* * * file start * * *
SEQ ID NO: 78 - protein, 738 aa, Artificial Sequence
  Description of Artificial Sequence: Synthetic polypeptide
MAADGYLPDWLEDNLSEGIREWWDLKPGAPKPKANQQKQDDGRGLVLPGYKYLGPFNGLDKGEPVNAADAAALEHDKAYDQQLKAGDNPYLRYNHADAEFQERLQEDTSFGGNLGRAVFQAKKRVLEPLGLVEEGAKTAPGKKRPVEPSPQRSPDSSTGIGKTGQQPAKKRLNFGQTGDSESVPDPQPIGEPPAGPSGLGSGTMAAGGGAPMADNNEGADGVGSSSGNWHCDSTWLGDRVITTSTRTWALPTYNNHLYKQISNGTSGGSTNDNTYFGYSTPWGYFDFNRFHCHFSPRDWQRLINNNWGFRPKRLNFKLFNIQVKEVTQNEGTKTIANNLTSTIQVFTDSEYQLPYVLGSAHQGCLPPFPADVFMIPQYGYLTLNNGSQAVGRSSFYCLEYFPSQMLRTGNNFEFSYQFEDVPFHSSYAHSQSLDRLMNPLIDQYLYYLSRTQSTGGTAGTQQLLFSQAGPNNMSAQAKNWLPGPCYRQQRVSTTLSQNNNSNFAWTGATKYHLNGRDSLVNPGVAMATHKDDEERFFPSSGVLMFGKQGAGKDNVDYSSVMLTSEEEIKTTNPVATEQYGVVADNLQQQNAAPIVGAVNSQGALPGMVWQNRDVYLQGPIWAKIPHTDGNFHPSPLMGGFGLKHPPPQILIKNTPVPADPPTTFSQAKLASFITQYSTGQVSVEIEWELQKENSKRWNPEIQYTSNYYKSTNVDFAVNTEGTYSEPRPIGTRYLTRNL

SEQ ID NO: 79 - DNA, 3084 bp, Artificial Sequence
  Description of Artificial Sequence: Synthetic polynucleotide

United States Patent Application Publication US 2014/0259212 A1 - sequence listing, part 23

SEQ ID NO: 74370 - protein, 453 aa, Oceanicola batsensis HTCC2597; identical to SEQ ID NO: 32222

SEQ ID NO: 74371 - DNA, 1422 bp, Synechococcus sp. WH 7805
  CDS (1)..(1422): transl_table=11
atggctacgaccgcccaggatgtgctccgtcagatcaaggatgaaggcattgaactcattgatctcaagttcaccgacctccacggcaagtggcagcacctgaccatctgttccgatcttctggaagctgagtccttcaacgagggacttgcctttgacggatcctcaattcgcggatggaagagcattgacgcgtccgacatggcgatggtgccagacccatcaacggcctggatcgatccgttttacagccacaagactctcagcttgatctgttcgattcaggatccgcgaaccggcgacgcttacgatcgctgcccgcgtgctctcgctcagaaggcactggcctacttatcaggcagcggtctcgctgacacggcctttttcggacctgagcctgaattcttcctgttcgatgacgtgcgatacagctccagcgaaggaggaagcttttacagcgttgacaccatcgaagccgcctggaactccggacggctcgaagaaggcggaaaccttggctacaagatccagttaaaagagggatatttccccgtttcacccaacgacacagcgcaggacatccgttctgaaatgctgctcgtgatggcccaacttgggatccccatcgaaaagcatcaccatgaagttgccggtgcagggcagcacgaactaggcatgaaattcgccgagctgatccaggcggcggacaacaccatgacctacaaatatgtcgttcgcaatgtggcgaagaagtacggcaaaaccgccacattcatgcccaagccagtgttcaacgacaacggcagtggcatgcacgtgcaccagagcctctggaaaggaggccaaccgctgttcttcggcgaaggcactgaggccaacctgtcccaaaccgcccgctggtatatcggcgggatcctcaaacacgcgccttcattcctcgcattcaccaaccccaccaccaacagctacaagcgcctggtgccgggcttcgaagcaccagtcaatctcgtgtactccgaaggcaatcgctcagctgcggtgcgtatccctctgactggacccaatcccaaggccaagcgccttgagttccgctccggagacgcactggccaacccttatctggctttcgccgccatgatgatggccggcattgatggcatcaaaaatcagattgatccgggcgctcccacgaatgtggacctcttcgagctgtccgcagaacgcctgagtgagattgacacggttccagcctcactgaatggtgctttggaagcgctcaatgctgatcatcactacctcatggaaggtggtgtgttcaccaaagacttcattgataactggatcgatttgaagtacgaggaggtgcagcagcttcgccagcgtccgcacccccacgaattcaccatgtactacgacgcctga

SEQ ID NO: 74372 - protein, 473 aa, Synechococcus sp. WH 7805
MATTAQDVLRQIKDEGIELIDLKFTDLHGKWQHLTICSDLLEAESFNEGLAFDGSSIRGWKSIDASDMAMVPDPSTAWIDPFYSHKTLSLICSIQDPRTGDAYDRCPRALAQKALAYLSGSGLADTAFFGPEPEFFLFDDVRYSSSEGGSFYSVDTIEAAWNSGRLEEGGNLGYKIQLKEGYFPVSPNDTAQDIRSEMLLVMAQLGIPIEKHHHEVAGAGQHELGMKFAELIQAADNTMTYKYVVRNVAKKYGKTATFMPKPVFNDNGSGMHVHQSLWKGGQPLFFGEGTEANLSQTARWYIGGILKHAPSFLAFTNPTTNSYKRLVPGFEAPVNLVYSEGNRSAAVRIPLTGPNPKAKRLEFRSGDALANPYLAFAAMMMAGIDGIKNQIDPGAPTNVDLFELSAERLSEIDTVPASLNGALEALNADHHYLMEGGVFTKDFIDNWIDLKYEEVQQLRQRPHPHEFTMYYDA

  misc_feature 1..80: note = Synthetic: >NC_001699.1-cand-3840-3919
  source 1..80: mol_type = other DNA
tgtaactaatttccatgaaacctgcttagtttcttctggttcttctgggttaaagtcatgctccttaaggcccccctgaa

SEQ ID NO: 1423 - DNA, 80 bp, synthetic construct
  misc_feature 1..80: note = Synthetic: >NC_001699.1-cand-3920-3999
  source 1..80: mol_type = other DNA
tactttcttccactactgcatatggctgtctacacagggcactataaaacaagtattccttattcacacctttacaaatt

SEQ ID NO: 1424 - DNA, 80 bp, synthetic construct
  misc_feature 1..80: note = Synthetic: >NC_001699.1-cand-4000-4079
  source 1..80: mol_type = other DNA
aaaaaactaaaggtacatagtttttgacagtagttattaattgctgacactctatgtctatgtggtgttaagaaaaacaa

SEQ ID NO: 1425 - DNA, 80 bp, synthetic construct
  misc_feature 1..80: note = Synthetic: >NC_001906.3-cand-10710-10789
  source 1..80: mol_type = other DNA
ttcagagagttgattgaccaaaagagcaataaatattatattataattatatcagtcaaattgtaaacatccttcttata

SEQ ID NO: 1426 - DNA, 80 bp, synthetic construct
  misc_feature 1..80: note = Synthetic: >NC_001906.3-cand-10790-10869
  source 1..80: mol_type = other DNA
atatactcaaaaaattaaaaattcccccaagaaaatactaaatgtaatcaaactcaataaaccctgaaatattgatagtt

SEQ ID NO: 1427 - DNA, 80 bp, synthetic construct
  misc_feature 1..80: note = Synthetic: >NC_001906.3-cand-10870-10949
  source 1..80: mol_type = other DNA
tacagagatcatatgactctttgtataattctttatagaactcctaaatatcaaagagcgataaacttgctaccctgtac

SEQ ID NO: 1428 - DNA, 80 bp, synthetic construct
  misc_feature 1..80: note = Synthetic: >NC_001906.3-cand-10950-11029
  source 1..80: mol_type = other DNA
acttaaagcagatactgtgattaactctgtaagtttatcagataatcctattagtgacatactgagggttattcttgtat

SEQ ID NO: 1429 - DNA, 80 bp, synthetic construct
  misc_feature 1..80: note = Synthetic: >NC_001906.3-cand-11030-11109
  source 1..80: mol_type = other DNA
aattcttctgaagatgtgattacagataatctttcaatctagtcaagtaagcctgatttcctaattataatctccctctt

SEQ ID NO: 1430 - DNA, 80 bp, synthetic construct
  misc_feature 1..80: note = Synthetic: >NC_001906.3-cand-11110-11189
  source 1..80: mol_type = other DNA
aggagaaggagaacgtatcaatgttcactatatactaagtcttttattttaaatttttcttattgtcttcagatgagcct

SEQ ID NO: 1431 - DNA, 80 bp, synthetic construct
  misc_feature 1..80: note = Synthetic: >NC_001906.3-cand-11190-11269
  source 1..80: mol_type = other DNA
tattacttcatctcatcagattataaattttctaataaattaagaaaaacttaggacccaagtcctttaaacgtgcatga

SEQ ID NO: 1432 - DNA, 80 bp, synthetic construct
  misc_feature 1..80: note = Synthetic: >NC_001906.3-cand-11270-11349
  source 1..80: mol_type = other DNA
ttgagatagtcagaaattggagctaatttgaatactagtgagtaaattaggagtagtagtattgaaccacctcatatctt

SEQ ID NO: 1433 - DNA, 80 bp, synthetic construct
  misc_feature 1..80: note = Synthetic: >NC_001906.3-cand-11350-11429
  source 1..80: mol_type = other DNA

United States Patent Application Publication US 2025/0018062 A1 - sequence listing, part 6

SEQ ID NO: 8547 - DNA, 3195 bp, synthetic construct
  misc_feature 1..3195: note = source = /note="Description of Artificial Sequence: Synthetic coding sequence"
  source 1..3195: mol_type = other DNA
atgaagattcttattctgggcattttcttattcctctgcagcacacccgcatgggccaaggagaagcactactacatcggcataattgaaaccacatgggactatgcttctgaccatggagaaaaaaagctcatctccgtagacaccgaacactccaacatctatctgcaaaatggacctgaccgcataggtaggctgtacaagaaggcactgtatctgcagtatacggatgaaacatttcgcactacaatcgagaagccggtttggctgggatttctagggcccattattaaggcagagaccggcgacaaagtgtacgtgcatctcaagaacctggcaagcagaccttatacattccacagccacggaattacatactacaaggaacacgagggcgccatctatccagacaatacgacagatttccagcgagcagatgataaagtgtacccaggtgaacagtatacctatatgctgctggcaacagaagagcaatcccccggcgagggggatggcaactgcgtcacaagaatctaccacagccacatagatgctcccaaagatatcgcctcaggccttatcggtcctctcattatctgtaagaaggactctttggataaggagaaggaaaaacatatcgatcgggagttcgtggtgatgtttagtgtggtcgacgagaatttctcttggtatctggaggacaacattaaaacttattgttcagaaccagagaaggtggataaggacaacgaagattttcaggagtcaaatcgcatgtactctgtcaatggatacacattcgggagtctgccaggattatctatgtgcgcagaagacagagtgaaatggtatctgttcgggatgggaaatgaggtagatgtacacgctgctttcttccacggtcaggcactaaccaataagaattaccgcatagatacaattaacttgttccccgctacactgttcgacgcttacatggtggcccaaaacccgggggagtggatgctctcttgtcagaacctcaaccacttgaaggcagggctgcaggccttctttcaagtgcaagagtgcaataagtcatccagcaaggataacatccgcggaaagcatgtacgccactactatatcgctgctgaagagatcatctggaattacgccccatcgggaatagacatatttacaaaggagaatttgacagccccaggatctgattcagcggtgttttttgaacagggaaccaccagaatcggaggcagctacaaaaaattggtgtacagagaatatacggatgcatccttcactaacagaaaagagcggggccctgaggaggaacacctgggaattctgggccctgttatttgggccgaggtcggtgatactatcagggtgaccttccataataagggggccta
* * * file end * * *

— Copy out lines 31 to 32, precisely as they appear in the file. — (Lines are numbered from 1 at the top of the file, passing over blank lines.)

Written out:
atatactcaaaaaattaaaaattcccccaagaaaatactaaatgtaatcaaactcaataaaccctgaaatattgatagtt

SEQ ID NO: 1427 - DNA, 80 bp, synthetic construct